Nissan Sunderland's future secured by Brexit trade deal

Marco Green
January 23, 2021

The vehicle giant told BBC News it is set to move additional battery production close to the North East plant. Now the batteries are imported from Japan.

The future of Nissan's vehicle plant in the northeast England city of Sunderland was thrown into doubt in the wake of Britain's vote to leave the European Union in June 2016, a decision that could have led to tariffs and quotas on trade between the two sides.

Japanese vehicle maker Nissan has confirmed it will remain committed to its Sunderland plant in the northeast of England as a result of the post-Brexit trade deal reached between Britain and the European Union (EU), the BBC reported Friday. The model was delayed due to the coronavirus pandemic. "We anticipate that production will resume on Monday next week".

Some 70 percent of the cars made in Sunderland are exported and the vast majority of them are sold in the EU.

Seven in 10 of the cars made in Sunderland are exported, according to Nissan, and most of these are sold in European Union countries.

The last-minute free trade agreement struck on Christmas Eve means the auto industry avoided the immediate imposition of tariffs or quotas.

Chief operating officer Ashwani Gupta told the BBC that the Brexit deal had been "positive for Nissan" and an opportunity to "redefine automaking in the UK". "Brexit gives us the competitive advantage in the United Kingdom and outside", the auto executive added, referring to the city in the North of England where its British manufacturing is centred.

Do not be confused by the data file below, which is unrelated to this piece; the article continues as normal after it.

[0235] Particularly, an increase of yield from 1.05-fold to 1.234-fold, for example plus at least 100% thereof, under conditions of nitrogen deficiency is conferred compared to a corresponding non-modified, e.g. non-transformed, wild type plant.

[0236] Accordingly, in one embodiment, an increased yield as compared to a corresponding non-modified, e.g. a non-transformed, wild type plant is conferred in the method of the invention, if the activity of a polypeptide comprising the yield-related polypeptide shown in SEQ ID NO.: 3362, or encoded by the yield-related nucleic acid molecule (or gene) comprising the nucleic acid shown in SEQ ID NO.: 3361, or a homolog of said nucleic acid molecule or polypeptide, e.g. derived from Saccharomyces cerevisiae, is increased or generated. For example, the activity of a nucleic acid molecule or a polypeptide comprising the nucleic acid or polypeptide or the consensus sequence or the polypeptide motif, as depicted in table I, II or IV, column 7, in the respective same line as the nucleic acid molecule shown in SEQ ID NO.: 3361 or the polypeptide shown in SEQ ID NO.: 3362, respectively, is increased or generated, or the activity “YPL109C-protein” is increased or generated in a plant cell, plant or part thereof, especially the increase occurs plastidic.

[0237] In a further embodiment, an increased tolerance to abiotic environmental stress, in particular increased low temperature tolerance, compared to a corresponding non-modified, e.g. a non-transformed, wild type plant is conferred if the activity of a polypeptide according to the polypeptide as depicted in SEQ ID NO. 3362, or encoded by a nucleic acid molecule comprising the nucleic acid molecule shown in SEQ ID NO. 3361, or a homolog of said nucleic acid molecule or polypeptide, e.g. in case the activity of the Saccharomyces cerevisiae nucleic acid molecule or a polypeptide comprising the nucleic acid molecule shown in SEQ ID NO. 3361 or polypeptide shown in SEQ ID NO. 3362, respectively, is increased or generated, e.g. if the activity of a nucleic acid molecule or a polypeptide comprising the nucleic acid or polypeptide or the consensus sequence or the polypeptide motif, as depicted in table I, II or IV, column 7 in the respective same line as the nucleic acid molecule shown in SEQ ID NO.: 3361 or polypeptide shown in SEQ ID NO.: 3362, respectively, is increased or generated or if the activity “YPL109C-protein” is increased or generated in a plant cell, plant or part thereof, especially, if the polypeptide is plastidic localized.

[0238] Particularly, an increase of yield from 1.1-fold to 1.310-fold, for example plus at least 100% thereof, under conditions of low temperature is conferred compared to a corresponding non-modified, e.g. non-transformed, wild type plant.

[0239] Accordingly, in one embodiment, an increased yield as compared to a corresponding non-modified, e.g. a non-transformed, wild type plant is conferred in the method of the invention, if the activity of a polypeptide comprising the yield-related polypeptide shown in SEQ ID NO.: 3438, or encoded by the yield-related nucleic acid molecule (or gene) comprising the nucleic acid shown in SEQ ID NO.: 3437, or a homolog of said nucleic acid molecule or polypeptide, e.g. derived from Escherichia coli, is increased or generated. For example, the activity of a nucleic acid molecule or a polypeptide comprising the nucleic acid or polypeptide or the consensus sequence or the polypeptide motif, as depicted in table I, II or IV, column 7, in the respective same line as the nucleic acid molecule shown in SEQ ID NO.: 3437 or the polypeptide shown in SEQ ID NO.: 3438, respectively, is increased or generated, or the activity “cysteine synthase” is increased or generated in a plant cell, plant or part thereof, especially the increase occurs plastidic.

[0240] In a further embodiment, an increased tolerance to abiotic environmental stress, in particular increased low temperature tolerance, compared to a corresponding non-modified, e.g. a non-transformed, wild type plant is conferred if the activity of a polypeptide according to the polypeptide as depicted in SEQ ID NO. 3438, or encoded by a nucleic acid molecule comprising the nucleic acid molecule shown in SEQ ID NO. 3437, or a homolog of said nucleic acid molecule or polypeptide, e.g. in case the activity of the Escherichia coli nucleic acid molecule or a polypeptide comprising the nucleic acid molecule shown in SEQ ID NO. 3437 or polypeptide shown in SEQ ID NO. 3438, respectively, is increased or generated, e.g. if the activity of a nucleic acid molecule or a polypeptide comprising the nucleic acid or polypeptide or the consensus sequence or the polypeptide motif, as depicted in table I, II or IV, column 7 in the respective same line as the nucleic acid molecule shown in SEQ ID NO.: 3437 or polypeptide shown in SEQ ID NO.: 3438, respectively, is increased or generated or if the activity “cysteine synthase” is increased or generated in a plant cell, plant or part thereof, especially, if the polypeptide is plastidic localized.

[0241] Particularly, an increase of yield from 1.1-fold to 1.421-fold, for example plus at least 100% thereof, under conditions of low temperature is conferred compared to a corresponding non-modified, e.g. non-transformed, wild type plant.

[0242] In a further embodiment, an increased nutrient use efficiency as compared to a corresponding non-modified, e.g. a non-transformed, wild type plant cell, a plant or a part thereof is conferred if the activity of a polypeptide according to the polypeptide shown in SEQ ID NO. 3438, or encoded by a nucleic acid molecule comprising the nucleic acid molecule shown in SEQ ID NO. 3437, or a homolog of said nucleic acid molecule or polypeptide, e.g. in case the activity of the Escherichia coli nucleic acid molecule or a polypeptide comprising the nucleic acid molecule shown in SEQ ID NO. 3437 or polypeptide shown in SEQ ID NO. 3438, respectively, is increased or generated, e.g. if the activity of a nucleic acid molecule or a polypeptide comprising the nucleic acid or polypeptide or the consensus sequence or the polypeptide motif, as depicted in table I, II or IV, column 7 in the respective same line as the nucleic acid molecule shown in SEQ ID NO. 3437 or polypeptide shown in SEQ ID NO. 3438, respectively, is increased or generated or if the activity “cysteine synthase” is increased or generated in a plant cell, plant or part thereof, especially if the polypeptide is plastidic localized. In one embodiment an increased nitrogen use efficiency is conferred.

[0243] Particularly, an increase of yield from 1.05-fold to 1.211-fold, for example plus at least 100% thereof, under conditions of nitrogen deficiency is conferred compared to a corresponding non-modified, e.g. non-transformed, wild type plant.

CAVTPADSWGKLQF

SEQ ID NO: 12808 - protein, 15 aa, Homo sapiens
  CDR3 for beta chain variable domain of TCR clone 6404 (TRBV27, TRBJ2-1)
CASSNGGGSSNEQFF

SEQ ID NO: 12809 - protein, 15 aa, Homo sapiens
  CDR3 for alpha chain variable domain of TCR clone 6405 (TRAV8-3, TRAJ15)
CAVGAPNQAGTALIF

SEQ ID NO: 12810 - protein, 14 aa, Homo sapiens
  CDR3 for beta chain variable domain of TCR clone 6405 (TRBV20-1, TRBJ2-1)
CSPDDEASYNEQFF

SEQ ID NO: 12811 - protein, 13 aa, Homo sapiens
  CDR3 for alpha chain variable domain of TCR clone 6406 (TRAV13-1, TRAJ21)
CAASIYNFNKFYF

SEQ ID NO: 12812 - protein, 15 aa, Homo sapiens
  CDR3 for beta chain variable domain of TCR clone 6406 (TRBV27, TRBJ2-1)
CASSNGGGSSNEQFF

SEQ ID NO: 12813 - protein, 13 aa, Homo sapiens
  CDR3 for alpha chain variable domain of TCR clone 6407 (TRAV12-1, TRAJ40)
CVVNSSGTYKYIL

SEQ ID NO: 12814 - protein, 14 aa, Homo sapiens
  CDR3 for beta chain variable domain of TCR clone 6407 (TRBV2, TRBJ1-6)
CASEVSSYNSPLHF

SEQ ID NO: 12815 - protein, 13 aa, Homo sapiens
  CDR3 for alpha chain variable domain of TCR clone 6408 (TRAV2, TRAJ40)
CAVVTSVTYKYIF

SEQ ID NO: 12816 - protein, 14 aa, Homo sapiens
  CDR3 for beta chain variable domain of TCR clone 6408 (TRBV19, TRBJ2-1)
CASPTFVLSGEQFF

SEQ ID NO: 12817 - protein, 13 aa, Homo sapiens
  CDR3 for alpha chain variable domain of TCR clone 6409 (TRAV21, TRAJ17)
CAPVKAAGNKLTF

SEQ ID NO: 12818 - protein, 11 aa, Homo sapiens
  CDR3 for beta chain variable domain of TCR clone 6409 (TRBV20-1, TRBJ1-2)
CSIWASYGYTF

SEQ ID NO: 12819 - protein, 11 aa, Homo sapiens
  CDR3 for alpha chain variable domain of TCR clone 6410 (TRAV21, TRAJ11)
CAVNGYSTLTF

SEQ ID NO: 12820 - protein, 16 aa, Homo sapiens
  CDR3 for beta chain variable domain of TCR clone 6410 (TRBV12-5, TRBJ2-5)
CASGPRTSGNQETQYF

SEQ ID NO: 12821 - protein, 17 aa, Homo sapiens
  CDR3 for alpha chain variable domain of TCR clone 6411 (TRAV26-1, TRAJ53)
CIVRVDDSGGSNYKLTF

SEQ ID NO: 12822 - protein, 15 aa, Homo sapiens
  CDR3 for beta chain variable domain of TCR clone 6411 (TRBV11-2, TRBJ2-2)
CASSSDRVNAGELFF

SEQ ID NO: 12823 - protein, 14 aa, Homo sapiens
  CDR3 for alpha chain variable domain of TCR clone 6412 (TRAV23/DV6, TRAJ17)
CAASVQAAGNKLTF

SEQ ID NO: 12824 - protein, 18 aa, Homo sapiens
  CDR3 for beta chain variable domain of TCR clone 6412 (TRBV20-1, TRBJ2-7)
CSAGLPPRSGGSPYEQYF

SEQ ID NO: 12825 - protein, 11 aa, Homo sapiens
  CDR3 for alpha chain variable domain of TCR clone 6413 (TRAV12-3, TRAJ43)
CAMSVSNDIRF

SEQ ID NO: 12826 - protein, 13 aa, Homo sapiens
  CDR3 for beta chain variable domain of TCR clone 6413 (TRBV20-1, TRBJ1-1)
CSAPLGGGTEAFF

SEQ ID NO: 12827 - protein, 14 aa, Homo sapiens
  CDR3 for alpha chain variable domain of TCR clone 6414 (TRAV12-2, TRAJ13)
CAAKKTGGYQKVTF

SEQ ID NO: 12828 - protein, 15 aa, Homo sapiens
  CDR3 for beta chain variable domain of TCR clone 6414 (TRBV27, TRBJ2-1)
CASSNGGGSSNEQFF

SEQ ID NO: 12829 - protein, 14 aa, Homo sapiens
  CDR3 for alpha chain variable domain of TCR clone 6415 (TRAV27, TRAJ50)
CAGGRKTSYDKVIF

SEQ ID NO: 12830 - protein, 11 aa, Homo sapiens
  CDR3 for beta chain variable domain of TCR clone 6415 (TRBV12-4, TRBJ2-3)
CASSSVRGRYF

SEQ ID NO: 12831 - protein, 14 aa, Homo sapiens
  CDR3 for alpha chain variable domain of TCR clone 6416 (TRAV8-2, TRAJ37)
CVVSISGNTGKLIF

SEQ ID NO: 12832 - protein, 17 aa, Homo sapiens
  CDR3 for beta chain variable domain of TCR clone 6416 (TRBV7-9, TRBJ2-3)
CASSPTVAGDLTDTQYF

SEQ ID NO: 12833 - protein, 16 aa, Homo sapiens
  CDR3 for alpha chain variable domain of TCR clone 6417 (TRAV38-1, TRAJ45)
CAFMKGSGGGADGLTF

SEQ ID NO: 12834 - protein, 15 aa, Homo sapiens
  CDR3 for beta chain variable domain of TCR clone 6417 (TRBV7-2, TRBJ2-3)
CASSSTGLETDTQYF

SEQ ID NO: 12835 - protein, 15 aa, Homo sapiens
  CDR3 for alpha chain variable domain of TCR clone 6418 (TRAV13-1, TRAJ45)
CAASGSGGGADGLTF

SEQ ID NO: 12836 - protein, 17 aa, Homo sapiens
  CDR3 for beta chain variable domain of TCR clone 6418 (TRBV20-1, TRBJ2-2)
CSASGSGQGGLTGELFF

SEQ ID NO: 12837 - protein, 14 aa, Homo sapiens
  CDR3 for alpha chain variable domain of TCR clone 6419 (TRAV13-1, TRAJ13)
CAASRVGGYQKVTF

Moreover, Gupta announced that the carmaker will move to "localise the manufacture of the 62KW battery in Sunderland so that all our products qualify [for tariff-free export to the EU]", where they had previously been imported from Asia.

"But I think we have to be really aware that there is a huge amount of work to do to secure the longer-term future".

British Prime Minister Boris Johnson said on Friday that Nissan's decision to source batteries from Britain to avoid tariffs was a great vote of confidence.

Nissan's commitment followed more worrying warnings from the boss of Vauxhall's parent company last week.

The EU is Britain's largest trading partner.

The latest moves have prompted further calls from within the automative industry for substantial support for battery and other alternative fuel investment.

Other reports by Click Lancashire

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